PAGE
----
Archive for June, 2012
The Radon Problem in Bedford, Massachusetts
According to the Environmental Protection Agency, or EPA, Middlesex County is in a Radon Zone One. That means that the average house in Bedford, Massachusetts has a radon level greater than 4.0 pCi/L. According to the EPA, houses that contain this much radon require radon abatement to reduce their levels; anyone who lives in the Bedford area, therefore, should take the precaution of having their home’s radon levels tested regularly.
Every home, no matter where it is located, should be tested for radon regularly. However, if you live in a Zone One area like Bedford, you should be particularly disciplined about doing so, and should be prepared for the strong possibility that it will require radon abatement. Nationwide, one out of fifteen houses requires radon abatement. In Bedford, that percentage is much higher than average. Even if your house has been tested for radon before, especially if it has been some time since the test was performed, it is a good idea to have the testing done again. Radon levels can build back up over time even if an attempt has been made to mitigate them in the past.
Why is Radon Abatement so Important?
Radon is a radioactive gas that is created when the small amounts of uranium found naturally in the soil degrade. The gas is colorless and has no odor, but a high radon level in your home constitutes a serious health risk to you and your family. Extended exposure to radon can cause lung cancer and other respiratory health issues.
What Issues are Addressed During Radon Abatement?
Radon rises from the soil under a house and around its foundations and can enter the house through the basement slab and foundation walls. If there is low air pressure in the house, then radon gas will be sucked in, diffusing through the basement or crawlspace walls and floor. Foundation walls and floor slabs are almost always made out of concrete, which is a naturally porous material. It is difficult to prevent a gas like radon from diffusing through it, especially if there is a pressure differential. Newer, more airtight and energy efficient houses are sometimes at an even higher risk for harmful levels of radon, since it can be even more difficult for the radon gas to get out of these houses once it is inside.
How is Radon Abatement Accomplished?
SWAT Environmental’s radon abatement experts are three main approaches to radon abatement: sealing, pressure relief and ventilation. Sealing can help slow the leakage or diffusion of radon gas into your home. However, sealing alone seldom brings radon levels down to a safe level, because it does not solve the pressure problem. To effectively lower radon levels, the area the gas is coming from — usually the area under the slab — needs to be vented to your home’s exterior. Mechanical ventilation of your home’s interior can also help to bring the concentration of radon to a safer level. These three radon abatement strategies put together can help ensure that your family is protected from radon poisoning.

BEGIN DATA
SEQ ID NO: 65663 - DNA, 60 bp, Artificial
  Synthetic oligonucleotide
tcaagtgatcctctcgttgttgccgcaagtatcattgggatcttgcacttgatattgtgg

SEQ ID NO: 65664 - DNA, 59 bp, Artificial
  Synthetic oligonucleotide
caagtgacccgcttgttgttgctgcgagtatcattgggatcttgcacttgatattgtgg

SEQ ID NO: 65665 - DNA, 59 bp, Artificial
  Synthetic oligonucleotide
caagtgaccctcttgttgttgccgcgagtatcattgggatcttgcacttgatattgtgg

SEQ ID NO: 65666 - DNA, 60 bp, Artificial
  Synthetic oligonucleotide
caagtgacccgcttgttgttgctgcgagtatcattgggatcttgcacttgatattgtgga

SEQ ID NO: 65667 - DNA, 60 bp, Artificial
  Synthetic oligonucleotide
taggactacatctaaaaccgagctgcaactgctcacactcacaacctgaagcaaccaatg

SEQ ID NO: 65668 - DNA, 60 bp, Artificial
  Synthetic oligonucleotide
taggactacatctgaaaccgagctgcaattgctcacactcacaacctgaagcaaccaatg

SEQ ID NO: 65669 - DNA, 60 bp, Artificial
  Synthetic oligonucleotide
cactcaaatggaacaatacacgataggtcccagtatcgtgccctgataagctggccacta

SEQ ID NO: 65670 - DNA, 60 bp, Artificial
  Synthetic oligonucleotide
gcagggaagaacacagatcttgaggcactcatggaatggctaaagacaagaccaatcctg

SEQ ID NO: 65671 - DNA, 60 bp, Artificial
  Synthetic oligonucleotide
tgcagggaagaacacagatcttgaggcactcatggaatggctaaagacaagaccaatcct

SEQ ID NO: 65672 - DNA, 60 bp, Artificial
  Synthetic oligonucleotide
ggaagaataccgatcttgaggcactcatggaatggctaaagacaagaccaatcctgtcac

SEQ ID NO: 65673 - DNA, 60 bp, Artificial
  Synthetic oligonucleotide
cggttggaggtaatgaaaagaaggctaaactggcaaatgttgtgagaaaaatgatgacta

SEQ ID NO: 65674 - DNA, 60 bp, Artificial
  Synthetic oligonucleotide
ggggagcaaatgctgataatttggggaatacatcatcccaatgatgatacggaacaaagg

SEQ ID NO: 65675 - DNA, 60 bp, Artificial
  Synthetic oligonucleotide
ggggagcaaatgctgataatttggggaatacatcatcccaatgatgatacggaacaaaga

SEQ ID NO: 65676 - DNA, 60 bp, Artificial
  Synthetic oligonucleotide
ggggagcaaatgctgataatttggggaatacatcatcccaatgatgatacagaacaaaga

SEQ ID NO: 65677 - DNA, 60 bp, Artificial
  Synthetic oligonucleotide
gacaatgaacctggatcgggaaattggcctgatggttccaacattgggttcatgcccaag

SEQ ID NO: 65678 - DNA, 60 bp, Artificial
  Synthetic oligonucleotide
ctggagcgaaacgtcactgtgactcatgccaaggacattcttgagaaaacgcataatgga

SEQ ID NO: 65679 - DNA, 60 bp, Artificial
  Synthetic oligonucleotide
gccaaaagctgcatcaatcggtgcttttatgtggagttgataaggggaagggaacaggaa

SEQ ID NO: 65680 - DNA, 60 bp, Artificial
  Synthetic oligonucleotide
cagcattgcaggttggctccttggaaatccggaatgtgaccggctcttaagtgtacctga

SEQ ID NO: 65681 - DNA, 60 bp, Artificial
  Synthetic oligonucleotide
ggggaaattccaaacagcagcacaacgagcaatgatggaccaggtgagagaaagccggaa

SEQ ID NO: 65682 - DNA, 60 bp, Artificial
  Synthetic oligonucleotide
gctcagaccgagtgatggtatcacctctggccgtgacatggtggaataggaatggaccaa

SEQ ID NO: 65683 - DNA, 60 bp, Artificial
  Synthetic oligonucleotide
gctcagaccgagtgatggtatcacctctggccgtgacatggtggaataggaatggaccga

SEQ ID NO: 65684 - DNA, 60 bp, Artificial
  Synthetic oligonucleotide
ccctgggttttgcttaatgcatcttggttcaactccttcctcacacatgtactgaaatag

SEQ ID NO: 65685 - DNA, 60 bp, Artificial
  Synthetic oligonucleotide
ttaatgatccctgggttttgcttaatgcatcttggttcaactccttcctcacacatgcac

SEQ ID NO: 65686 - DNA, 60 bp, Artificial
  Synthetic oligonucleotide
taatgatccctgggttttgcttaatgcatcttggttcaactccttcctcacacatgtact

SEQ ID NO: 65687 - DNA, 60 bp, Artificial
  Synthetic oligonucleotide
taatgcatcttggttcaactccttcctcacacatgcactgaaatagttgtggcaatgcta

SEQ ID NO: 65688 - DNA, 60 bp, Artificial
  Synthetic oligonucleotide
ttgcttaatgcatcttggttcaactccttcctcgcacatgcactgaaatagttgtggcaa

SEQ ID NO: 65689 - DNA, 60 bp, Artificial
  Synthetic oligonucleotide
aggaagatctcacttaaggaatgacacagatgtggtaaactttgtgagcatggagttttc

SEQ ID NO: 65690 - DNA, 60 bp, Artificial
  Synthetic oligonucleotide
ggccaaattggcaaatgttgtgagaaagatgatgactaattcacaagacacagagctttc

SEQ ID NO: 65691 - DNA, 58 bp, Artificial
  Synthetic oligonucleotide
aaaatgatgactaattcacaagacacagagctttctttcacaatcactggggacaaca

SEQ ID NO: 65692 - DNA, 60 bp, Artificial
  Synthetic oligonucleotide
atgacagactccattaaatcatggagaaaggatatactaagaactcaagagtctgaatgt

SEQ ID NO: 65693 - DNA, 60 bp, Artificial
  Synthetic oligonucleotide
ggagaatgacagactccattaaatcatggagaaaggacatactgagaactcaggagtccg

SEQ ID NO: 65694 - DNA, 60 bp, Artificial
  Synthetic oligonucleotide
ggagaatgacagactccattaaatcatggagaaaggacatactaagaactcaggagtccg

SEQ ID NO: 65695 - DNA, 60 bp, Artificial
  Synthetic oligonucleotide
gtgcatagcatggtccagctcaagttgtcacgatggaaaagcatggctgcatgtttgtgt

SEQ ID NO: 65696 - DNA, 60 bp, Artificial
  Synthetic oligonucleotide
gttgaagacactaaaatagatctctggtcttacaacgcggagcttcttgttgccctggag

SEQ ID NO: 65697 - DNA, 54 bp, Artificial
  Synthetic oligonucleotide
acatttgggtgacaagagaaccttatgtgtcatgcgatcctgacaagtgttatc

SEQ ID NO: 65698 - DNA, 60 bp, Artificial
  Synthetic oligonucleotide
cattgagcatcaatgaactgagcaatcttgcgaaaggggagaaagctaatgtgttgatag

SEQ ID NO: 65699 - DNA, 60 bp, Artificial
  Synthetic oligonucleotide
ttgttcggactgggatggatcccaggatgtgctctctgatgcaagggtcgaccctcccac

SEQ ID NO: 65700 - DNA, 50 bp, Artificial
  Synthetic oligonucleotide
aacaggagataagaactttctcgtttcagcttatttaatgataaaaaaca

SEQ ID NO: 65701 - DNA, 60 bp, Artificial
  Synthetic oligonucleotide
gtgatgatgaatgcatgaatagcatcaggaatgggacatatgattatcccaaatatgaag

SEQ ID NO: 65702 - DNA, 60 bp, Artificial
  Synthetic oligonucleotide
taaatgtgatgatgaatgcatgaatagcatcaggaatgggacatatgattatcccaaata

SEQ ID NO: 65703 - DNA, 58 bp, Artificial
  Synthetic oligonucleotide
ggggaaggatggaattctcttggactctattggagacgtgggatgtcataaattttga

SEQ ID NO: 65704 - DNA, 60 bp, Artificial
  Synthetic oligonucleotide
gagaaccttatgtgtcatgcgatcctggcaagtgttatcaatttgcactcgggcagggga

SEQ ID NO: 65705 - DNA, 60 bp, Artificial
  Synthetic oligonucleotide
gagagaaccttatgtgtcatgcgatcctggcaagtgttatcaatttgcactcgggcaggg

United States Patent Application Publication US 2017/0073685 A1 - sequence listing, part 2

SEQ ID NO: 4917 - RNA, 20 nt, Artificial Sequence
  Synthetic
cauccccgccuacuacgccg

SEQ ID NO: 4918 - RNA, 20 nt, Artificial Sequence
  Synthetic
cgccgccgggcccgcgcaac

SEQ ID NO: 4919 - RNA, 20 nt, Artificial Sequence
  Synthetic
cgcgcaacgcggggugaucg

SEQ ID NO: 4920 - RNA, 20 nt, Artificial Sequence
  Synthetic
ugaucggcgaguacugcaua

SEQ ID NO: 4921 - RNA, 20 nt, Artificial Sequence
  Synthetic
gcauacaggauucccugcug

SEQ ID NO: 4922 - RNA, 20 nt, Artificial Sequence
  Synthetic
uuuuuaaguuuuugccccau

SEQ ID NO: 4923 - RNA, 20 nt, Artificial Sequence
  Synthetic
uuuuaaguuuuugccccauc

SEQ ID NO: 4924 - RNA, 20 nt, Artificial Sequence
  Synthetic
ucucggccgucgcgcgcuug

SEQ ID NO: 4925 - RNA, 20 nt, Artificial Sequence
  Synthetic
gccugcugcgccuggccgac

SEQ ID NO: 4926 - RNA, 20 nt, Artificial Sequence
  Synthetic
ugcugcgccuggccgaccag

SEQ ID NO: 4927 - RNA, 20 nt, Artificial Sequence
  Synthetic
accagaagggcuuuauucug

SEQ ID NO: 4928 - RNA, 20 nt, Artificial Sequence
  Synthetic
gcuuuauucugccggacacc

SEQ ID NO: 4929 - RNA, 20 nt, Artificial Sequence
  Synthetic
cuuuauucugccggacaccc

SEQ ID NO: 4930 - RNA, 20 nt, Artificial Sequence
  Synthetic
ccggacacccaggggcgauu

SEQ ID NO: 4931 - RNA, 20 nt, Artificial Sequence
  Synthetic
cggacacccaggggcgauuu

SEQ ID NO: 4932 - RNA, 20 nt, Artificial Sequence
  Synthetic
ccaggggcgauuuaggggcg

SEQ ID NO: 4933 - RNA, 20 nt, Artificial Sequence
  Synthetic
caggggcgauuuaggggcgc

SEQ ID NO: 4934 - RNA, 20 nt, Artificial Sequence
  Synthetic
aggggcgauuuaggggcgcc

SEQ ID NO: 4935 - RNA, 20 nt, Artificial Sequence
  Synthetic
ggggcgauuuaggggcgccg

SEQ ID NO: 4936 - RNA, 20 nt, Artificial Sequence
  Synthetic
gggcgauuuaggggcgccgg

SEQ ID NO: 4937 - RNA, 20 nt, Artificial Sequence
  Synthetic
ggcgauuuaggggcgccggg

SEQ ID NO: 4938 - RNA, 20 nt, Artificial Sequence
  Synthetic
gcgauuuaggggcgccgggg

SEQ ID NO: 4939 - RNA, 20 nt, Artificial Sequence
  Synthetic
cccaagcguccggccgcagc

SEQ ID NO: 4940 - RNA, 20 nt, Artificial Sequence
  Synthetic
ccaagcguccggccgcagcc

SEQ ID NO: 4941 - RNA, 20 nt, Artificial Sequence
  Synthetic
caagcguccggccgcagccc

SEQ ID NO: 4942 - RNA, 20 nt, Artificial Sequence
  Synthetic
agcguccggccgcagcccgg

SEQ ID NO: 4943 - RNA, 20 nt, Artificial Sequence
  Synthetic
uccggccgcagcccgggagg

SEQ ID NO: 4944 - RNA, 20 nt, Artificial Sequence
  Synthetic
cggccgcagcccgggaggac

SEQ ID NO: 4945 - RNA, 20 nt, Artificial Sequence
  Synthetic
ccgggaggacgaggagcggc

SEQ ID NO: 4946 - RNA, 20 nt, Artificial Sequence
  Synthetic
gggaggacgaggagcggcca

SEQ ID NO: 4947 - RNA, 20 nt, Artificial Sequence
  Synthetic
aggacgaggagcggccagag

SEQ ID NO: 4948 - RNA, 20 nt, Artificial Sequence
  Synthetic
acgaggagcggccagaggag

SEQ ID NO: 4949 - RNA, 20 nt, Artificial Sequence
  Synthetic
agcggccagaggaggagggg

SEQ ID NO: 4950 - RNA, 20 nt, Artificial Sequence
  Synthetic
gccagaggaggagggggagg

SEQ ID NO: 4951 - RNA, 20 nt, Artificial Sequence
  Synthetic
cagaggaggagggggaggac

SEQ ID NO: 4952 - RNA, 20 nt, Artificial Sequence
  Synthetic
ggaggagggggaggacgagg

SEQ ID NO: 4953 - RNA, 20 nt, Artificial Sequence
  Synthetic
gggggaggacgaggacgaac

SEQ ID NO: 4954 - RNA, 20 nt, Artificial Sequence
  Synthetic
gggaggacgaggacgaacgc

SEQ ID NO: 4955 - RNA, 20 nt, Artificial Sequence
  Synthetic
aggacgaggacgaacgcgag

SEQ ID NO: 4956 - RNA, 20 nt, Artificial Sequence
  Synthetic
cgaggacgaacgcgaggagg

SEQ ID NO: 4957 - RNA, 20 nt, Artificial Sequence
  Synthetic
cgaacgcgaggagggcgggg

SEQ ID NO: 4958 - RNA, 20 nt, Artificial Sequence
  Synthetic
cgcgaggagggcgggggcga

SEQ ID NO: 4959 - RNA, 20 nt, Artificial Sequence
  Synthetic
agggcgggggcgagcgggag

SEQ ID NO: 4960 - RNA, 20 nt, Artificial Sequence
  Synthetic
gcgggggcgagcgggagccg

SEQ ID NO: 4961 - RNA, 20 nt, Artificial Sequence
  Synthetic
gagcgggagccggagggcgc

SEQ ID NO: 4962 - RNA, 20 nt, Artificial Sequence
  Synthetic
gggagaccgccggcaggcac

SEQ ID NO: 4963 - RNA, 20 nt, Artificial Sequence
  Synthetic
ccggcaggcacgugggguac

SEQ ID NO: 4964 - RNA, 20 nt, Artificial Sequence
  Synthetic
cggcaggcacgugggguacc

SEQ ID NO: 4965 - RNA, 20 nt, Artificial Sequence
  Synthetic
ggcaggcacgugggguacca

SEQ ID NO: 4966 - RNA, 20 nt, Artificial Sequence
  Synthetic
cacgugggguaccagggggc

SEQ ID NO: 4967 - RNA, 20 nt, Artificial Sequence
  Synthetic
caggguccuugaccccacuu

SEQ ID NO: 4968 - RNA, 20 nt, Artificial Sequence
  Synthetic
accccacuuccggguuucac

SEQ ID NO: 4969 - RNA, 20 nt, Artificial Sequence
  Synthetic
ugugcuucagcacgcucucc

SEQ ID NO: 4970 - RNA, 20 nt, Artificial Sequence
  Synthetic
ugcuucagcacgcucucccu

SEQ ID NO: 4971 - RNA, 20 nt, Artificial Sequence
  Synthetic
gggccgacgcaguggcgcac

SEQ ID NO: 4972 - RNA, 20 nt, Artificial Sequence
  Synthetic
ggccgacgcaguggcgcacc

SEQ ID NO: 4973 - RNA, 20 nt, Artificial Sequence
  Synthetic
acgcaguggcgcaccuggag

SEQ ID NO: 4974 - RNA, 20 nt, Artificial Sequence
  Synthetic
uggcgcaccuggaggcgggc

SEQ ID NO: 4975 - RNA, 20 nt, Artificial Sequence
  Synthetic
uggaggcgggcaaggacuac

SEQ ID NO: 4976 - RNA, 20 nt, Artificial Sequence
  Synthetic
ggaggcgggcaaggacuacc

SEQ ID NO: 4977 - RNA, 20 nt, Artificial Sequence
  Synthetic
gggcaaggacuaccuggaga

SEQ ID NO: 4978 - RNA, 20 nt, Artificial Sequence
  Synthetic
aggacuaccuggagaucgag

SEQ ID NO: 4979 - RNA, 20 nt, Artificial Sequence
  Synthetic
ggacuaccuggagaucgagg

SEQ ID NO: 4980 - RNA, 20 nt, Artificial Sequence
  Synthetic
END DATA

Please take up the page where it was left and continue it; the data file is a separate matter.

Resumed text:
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Reasons for Testing Radon Gas Levels in Bedford Homes
Research has shown that seven deaths by cancer out of 1,000 non-smokers are caused by exposure to abnormally high radon levels. Among individuals who smoke, the number of deaths is three to five times higher. Scientists who have studied the carcinogenic effects of radon gas have determined that levels above 4.0 pCi/l can be dangerous. In 1988, the Environmental Protection Agency and the Massachusetts Department of Public Health Radiation Control Program recommended that as a precaution the owners of every house in the area — including in Bedford — should have their homes tested in order to determine their radon levels.
One reason for radon gas’s dangerous effects is its radioactivity. It is also invisible and has no smell, making it impossible to detect via the ordinary senses. Radioactive molecules can cause cancer of any type, but since radon gas is unknowingly breathed in through the air, it primarily affects the lungs. The problem is that radon gas can be found virtually anywhere since it is produced from the decay of uranium in the soil. This is a natural process that results in radon gas creation as a side effect. The gas rises through the soil, comes out of the ground and sometimes enters into homes. Once inside, the gas becomes trapped and can rise to harmfully high levels.
Radon Levels Are Accumulating
Since the uranium that produces radon gas is a common element, any home can become contaminated with high radon levels and be potentially dangerous for the family. Radon gas can enter from the outdoors through cracks in the foundation, floors and walls, spaces between room joints, gaps in suspended floors and similar openings. Houses with or without basements both have the ability to trap radon gas that has escaped from the ground. It does not matter if it is a newly constructed house or an old, drafty one, all structures have a chance of trapping excessively high levels of radon gas.
Monitoring and Correcting Radon Levels
There is no particular way of telling whether your house is vulnerable to accumulating radon levels since the uranium that creates it was deposited nearly everywhere when the glaciers melted. The uranium was evenly deposited into the soil and nature has since taken its course. Since it cannot be determined in advance which houses may be vulnerable to radon contamination, to reduce the risk of cancer, the Massachusetts Department of Health recommends regular radon testing. If you already own a house, you should have SWAT Environmental test the house every two years for radon gas as a safety precaution. If your house contains unsafe radon levels, SWAT Environmental’s mitigation experts can install any necessary systems to remove the radon and to prevent its return. If no radon is detected, you can sleep easy knowing that your family is safe.